Objectives of Shared Parenting
9 Objectives of Shared Parenting
- The children feel that they have two properly involved parents.
- That one parent cannot dominate the lives of the children at the expense of the other or control the other parent via the children.
- The parents have broadly equal ‘moral authority in the children’s eyes and that the children have free access to both their parents if issues are affecting them.
- The children can share the lives of both their parents in the round’ – for example, not spending all ‘routine time’ with one parent and only ‘leisure time’ with the other.
- The parents are in a position of legal and moral equality and are considered in this light by the children and friends, neighbours, teachers, etc., and public authorities; this would apply to routine and significant matters.
- There is no part of the children’s lives, for example, their school life or having friends, that one parent is excluded from by virtue of the allocation of parenting time or the law on separation/divorce and children.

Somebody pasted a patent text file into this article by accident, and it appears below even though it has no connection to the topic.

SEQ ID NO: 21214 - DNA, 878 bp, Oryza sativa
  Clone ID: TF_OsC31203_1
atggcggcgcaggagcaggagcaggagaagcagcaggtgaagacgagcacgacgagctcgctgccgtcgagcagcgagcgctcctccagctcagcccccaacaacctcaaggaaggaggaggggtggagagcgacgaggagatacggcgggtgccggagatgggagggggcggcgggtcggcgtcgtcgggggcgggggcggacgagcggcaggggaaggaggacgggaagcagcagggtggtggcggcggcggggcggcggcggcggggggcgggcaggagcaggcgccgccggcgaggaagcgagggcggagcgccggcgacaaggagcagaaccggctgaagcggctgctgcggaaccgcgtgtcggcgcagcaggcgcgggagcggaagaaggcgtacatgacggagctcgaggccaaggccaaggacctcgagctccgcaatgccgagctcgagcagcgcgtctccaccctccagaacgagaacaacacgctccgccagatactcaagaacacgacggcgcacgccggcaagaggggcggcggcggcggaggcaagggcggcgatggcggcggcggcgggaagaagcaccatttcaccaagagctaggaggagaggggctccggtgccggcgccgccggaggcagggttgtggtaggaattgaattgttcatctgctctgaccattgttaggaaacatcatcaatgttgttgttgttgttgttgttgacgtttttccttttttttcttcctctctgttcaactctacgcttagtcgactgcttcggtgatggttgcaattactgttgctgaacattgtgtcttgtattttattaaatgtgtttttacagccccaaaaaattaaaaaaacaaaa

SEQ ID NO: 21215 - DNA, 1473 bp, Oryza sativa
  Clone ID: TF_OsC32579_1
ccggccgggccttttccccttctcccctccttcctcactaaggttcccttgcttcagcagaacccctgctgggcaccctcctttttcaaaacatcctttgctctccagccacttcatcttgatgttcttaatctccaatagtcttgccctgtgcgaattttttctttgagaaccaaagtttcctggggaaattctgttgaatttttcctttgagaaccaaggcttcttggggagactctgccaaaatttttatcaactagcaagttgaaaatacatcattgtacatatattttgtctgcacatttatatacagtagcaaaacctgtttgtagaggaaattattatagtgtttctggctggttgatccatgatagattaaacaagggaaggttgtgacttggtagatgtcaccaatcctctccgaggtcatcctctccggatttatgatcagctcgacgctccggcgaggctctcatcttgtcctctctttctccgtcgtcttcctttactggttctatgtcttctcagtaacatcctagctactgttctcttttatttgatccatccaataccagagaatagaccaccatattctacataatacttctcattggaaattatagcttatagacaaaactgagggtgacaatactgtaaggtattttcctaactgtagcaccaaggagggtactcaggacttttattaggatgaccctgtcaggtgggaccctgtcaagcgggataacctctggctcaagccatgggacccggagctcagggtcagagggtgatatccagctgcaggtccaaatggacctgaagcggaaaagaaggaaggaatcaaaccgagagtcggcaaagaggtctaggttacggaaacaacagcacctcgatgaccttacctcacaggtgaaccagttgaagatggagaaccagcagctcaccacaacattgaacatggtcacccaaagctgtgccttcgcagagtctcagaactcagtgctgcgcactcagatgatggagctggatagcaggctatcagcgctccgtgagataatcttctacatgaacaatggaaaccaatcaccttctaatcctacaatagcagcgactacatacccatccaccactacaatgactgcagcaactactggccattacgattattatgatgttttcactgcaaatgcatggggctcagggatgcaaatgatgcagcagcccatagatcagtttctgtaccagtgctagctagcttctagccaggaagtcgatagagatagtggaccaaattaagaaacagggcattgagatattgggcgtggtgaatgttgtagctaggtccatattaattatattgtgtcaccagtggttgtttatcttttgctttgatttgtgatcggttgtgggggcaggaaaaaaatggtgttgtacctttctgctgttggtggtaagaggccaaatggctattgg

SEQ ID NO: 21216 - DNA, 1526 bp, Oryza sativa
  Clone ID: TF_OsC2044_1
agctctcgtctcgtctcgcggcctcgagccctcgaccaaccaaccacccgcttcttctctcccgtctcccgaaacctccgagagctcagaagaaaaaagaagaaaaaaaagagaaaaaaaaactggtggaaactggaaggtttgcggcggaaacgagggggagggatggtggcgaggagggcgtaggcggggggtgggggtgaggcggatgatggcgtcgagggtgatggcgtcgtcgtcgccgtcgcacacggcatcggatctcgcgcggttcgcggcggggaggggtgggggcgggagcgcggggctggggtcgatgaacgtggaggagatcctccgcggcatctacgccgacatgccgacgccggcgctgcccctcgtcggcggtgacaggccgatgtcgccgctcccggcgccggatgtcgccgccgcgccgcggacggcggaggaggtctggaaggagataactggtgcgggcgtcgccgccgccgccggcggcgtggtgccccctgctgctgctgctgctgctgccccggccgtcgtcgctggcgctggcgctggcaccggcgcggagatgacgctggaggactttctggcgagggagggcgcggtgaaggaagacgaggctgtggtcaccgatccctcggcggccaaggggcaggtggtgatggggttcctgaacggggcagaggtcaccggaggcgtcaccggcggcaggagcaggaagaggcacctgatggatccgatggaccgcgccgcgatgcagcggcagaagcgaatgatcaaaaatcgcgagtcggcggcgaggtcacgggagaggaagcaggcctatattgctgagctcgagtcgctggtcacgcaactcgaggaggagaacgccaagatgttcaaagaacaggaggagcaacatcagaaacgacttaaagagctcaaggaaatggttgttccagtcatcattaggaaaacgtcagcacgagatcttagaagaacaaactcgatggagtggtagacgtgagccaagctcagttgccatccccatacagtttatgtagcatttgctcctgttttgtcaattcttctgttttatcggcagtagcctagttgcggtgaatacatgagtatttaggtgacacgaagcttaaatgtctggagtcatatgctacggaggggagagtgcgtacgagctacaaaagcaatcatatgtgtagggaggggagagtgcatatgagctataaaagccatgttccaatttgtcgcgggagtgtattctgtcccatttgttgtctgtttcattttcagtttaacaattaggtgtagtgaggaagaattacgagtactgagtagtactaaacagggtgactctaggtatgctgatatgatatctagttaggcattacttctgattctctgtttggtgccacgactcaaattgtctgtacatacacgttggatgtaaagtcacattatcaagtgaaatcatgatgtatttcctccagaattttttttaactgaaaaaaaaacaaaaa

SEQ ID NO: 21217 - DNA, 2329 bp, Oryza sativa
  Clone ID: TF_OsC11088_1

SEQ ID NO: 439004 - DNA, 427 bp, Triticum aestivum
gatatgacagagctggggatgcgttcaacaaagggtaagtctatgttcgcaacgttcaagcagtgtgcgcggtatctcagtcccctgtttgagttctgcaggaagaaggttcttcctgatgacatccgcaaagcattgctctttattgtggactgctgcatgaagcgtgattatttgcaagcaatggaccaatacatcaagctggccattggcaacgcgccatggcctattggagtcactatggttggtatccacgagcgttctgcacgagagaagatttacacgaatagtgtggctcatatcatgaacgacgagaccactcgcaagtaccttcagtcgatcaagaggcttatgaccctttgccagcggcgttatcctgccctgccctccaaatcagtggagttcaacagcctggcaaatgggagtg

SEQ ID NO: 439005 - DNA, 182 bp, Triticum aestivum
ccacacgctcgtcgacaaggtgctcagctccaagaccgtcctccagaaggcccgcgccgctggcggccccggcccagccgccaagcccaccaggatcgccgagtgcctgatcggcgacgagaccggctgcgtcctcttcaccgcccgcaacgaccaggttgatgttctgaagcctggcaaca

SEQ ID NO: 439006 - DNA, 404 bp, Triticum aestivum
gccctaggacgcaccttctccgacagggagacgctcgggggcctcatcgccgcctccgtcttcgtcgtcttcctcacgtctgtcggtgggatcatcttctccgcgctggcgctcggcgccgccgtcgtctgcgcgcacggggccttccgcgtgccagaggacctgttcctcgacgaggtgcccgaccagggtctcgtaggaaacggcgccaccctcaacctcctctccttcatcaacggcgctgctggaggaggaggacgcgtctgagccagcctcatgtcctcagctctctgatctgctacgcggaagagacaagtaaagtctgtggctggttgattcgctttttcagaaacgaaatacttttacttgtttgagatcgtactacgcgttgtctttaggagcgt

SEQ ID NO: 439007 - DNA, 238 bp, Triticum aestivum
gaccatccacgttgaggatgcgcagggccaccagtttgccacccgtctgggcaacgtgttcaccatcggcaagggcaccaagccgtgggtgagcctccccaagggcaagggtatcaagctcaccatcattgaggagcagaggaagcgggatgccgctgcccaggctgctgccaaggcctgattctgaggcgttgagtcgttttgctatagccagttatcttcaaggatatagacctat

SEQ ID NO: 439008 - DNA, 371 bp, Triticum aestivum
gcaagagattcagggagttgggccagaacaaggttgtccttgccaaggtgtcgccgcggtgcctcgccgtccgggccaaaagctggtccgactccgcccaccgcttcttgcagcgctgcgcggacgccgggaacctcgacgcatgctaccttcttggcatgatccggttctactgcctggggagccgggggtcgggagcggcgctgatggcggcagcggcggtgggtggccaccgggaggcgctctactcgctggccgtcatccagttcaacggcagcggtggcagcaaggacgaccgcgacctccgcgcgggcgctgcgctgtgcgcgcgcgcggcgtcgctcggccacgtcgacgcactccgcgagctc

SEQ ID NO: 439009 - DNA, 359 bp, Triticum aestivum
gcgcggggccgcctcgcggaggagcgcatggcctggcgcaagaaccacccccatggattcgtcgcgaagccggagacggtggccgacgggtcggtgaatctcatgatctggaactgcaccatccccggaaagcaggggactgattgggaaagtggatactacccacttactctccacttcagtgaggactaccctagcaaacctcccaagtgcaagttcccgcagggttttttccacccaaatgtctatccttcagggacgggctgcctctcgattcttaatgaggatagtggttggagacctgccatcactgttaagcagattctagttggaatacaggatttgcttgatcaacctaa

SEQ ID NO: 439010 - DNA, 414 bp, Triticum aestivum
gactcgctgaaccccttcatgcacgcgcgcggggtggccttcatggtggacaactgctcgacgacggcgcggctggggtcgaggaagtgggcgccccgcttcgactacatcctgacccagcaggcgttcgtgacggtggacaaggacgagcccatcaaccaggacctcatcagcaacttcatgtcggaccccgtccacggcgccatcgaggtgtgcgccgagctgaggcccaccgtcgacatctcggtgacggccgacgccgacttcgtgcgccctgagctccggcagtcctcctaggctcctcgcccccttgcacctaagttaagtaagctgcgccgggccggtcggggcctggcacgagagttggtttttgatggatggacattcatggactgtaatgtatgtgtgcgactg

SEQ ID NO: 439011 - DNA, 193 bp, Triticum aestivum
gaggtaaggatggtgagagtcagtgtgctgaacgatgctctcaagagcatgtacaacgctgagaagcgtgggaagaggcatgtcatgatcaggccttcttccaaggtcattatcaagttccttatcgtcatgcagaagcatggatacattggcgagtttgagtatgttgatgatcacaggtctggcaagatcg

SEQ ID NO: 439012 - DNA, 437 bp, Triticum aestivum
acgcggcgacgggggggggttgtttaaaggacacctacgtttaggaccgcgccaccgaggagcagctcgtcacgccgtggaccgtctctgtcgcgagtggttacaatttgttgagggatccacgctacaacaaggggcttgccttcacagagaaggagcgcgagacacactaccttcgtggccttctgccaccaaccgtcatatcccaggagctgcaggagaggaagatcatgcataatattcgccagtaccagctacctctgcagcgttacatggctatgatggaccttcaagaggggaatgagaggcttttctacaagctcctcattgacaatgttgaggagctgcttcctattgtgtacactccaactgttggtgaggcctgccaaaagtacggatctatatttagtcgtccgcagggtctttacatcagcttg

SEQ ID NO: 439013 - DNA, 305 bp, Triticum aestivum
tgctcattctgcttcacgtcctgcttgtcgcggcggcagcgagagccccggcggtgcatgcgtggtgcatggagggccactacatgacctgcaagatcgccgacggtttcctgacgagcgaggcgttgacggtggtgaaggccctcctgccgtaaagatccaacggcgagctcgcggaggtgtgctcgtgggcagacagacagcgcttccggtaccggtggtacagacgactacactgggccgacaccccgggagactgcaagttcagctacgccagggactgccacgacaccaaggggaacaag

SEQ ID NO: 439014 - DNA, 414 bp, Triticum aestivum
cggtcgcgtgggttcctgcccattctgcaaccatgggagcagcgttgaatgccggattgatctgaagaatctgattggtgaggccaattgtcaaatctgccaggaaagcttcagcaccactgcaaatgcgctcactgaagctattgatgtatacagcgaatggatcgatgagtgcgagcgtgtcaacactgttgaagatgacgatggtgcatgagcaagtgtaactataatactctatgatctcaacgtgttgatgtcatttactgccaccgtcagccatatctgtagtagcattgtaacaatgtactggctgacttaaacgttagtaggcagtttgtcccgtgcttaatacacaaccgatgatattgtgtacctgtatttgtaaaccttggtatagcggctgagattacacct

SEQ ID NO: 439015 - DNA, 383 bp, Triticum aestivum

- The children are not by virtue of the allocation of parenting time excluded from any part of either parent’s life.
- The children spend enough time with both parents to negate any attempts at parental alienation.
- That the children do not develop stereotyped ideas from their parents about the roles of the sexes, for example, that a father’s role is chiefly financial and a ‘giver of treats’, and that mothers have responsibility for everything else.
Applying these criteria to particular families will be a matter of discussion and negotiation, considering the individual needs and wishes of the children and parents and the circumstances in question. As always, the needs of the child must be paramount.
Source: Family Need Fathers